- offshore operations experience - the oil industry has developed, over decades, experience of working in a complex and hazardous environment. Rather than the CCS industry looking to reinvent the wheel, it is already relying on the oil industry's know-how, which has become clear during the UK government's CCS competition. A number of onshore utility companies, with significant experience in onshore power station and pipeline stages, have teamed up with offshore operators and the supply chain
- transportation - CCS will largely be transported to sinks by pipeline, ship or tanker. The oil industry has many years' experience in managing and operating such assets.
As with all large energy infrastructure projects, legal issues will be to the fore. Taking the three examples above, contracts for surveys, front-end engineering and design work, operating and maintenance, transportation, shipping and processing will be needed, which is only a small example of such contracts. These frameworks are already familiar to the oil and gas industry and can be adapted for use in the CCS sector.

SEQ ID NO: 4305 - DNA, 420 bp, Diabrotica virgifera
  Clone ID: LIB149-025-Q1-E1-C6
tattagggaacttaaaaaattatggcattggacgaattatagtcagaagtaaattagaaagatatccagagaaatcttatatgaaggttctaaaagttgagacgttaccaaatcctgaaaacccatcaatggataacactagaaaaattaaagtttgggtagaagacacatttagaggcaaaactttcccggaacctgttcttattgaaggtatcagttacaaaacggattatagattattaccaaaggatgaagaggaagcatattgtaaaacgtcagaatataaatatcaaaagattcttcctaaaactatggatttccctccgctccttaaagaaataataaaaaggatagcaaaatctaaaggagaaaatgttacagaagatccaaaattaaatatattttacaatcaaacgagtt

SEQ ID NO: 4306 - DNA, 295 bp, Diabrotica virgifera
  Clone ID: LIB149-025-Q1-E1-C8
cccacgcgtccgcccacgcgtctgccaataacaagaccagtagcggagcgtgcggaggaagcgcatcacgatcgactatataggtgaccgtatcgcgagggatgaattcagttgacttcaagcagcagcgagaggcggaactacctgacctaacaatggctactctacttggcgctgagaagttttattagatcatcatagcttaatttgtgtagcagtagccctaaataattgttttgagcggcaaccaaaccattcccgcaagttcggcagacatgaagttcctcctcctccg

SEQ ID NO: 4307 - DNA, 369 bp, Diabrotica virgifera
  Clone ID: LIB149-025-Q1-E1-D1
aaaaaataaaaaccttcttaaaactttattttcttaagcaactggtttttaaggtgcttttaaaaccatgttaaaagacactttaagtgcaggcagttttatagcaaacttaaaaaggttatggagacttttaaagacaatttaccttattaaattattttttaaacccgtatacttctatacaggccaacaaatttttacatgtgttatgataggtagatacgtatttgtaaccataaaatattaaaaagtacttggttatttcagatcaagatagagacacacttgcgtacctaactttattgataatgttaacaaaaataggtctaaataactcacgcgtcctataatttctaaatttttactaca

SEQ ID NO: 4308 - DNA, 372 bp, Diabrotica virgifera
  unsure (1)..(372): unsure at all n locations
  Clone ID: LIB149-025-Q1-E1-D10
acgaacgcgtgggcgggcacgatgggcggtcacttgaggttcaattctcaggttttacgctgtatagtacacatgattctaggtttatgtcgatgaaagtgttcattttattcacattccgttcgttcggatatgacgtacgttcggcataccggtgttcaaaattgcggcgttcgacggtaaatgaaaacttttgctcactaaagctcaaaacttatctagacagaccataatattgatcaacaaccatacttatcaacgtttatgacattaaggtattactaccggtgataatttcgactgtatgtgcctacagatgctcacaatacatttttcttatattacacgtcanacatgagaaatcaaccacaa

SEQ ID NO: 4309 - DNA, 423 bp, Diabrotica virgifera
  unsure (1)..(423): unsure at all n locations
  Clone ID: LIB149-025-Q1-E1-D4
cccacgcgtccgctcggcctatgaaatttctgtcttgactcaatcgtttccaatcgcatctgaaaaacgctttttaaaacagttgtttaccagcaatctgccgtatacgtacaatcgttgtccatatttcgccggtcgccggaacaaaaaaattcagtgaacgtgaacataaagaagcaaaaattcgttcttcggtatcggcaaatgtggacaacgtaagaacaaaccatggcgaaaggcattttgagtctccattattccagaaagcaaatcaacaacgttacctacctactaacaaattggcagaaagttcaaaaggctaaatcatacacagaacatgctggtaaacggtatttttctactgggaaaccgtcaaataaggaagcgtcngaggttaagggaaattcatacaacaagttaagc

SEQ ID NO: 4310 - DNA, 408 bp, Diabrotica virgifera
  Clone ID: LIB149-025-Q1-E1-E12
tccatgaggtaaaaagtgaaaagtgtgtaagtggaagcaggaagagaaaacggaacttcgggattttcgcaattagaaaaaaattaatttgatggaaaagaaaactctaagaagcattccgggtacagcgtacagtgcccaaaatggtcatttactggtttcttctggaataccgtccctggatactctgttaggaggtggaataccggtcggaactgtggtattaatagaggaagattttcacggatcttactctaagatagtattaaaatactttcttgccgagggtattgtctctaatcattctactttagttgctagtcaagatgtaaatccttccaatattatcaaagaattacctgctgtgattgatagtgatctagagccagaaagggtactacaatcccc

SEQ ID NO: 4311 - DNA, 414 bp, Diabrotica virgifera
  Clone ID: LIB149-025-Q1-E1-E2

Liability will be a significant issue, not only in respect of harm to people and property but also relating to unplanned emissions to the environment, should the CCS infrastructure fail. Who would be liable in such an event, how heavy could any financial penalty be and how would the relevant environmental legislation apply, would be among the questions which require addressing.
Within the consortia themselves, there will be many internal relationships to be formalised, not least the allocation of responsibilities and liabilities. Consideration has to be given to whether incorporated project vehicles should be used, joint ventures established or joint operating agreements, or equivalent documents, drawn up.
And what is to happen with regard to the decommissioning liabilities, not only relating to the CCS operations themselves but also to any previous producing activities at the site?